Photo: Sajad Rafeeq
Photo: Sajad Rafeeq

Photo Essay: A Kashmiri in Mumbai

He fought floods to get to Mumbai for a photography contestand won

Sajad Rafeeq just kept on walking. It was September. Kashmir was drowning in torrential rain. Communication lines were down, the roads were either submerged or blocked by landslides, and thousands were stranded.

Undeterred, Rafeeq began walking from the hydropower project, near Chanderkote in Doda district, where he worked. The 27-year-old engineer was determined to reach Srinagar, some 150km away, to pick up his camera from home and get to Mumbai.

For Rafeeq, passionate about photography, was all set to take part in the National Geographic Covershot competition. He had been selected on a second attempt; contestants for the annual contest are selected on the basis of some photographs and a 2-minute video on themselves. The shooting for the competition usually takes place between September and January, when participants are assigned particular subjects and their field assignments are filmed and telecast. The theme this time was Mumbai —“Maximum City".

The skies had opened up just when it was time for Rafeeq to head to Mumbai. The deluge was unprecedented. Desperate to reach Srinagar, Rafeeq managed to hop on to a Railway Police Force bus. When the bus couldn’t take him any further, he walked, in part on an elevated railway track.

He managed to reach Srinagar—but couldn't get home. Parts of the Valley were flooded. He made his way to New Delhi, hiring a camera and reaching Mumbai just in time for the shooting. He was eliminated in the initial round, but got another chance through a wild card entry, and went on to emerge as the champion.

Photographer Raghu Rai, one of the judges, was particularly impressed by Rafeeq’s grit and determination. “It came across to us that Sajad, who almost swam across the flood in Kashmir and escaped to Delhi, didn’t have a camera, hired one and arrived in Mumbai. He had no communication with his parents because of the chaos back home," says Rai. “So we decided that here was an example who deserved to be the chosen one. I also offered my favourite Nikon D3300, a 24-megapixel camera, as a special reward to Sajad, a very deserving young man."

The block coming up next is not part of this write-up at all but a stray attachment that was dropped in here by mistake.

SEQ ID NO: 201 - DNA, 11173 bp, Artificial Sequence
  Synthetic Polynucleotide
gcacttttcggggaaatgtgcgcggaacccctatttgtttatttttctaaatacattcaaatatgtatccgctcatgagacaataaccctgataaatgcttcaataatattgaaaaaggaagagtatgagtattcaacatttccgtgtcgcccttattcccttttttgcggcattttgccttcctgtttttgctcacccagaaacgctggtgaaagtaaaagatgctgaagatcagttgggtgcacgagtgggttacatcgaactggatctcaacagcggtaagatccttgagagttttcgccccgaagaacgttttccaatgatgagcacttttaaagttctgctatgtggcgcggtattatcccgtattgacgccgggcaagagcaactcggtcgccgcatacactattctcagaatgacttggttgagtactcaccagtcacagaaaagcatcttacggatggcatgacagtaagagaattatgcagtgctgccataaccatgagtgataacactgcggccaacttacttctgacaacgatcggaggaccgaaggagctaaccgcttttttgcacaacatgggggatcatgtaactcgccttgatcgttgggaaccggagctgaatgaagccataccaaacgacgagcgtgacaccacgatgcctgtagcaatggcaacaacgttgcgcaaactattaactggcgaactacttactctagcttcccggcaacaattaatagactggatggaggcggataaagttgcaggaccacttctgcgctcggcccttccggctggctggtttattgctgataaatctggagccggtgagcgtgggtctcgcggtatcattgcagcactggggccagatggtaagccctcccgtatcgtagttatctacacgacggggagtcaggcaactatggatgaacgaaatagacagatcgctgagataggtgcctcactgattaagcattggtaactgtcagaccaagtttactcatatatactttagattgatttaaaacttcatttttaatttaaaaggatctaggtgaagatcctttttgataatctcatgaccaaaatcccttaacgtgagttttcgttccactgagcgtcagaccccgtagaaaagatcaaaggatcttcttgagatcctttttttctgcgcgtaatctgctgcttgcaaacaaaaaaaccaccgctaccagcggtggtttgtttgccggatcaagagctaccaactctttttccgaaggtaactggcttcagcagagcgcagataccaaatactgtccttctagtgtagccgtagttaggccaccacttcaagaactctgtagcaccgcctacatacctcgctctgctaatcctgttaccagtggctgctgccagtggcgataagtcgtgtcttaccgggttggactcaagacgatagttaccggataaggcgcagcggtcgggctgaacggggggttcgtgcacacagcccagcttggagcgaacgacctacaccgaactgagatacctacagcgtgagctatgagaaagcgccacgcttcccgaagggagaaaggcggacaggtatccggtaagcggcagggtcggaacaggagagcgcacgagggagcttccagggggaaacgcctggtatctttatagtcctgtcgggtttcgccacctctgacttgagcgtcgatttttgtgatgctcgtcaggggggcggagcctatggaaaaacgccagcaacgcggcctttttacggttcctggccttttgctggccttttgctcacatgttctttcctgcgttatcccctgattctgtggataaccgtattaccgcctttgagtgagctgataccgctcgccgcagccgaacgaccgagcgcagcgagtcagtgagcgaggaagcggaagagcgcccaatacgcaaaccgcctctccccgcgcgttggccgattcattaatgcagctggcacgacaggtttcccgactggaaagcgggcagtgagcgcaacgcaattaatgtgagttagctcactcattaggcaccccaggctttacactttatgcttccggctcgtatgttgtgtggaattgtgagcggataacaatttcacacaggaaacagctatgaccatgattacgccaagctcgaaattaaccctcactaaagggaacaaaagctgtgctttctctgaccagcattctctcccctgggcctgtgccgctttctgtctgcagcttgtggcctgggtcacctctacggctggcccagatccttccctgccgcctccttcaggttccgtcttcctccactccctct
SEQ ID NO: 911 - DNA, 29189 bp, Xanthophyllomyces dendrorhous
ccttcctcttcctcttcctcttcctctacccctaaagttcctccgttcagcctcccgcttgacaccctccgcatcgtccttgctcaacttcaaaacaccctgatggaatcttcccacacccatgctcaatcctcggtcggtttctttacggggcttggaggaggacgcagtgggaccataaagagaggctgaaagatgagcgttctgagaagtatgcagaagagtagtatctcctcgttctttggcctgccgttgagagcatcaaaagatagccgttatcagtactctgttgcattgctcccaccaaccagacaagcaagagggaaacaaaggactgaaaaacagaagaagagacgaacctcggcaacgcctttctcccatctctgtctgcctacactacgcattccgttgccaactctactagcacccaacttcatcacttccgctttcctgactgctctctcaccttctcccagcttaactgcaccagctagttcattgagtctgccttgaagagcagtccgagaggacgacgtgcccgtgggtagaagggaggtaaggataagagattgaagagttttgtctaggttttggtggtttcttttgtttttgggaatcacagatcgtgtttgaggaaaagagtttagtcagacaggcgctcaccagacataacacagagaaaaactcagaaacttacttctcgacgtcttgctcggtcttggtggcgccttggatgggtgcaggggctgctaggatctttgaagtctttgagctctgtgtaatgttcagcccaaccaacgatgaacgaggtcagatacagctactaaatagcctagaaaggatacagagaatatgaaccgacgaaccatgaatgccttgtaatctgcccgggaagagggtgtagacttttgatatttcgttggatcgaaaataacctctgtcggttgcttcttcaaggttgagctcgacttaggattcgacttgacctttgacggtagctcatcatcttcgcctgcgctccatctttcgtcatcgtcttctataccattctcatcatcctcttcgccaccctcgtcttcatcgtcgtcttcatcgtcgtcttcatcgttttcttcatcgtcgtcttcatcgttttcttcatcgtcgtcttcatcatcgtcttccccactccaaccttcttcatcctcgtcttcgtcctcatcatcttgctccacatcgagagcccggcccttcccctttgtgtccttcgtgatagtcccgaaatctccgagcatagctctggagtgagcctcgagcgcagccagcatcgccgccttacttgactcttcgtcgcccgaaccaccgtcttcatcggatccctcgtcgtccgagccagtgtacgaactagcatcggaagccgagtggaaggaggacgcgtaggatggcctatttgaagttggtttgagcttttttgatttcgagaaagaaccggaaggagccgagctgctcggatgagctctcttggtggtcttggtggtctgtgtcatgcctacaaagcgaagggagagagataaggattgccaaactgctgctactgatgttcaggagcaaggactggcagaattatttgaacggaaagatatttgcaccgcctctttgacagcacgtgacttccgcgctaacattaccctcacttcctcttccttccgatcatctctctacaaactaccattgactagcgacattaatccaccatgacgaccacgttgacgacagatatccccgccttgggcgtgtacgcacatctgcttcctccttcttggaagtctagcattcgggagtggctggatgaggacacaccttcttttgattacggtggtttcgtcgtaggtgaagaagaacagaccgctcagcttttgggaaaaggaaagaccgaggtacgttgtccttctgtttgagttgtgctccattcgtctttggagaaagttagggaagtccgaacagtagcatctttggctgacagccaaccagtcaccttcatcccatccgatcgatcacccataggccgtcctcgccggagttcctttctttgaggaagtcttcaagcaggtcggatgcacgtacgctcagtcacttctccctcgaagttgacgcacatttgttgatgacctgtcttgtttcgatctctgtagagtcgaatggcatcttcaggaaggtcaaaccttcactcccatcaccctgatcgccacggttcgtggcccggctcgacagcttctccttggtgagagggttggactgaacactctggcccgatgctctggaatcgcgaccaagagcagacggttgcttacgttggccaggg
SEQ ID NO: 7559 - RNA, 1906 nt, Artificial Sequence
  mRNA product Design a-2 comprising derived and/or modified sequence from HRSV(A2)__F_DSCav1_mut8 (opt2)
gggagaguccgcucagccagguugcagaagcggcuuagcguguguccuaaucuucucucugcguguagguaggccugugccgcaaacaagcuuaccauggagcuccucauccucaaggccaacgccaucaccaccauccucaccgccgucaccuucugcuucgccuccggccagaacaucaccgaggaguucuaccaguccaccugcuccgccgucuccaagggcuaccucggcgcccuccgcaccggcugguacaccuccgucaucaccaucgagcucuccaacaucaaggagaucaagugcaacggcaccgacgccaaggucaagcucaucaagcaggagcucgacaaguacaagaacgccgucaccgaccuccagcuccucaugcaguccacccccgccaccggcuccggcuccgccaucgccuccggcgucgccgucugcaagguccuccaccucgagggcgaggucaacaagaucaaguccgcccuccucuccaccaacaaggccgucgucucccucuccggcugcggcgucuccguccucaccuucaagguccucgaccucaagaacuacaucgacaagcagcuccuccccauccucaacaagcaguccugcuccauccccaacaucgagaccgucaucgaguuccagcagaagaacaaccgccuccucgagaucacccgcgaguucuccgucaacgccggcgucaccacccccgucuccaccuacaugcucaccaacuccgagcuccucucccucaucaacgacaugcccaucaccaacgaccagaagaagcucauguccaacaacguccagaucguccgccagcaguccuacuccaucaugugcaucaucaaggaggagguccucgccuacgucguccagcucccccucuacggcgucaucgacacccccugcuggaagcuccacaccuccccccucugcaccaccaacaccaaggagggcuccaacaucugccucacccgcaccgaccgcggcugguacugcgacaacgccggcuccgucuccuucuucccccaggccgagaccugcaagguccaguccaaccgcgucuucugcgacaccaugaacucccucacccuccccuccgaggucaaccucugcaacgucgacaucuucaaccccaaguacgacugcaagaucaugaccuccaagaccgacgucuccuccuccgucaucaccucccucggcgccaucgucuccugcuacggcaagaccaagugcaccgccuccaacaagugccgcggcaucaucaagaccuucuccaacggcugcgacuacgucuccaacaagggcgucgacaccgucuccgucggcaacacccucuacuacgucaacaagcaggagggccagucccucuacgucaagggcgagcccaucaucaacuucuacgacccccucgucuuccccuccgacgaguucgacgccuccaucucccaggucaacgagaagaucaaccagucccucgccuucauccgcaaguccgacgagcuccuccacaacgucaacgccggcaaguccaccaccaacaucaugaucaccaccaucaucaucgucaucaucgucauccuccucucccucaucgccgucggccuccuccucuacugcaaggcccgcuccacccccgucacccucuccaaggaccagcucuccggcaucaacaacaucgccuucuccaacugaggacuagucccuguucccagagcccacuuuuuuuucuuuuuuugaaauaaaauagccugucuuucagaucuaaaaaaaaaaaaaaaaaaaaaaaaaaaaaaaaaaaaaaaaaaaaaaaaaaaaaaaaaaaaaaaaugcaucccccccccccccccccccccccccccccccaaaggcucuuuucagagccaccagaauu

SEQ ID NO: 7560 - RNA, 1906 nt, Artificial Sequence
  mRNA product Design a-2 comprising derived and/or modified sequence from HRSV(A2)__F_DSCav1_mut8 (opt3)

Of the many topics that Rafeeq was asked to shoot during the course of the competition, his favourite was Shivam Gupta, the young boy in Dharavi whom he chose as a subject. “I saw an artiste in him. He studies, then practises b-boying, and also helps his father, who is a vegetable seller," Rafeeq says. “What struck me the most about him was that despite the fact that he lives in a slum, where people struggle to survive, he has the courage to dream."

He was also surprised by the intensity of wrestlers at a local akhara and the vibrant and colourful lifestyle of the kolis, a fishing community in Mumbai, and their deep relationship with the sea.

But forever etched in his memory are scenes of a drenched Kashmir, none of which he could capture on camera.

Sometimes the best frames are etched only in your mind.

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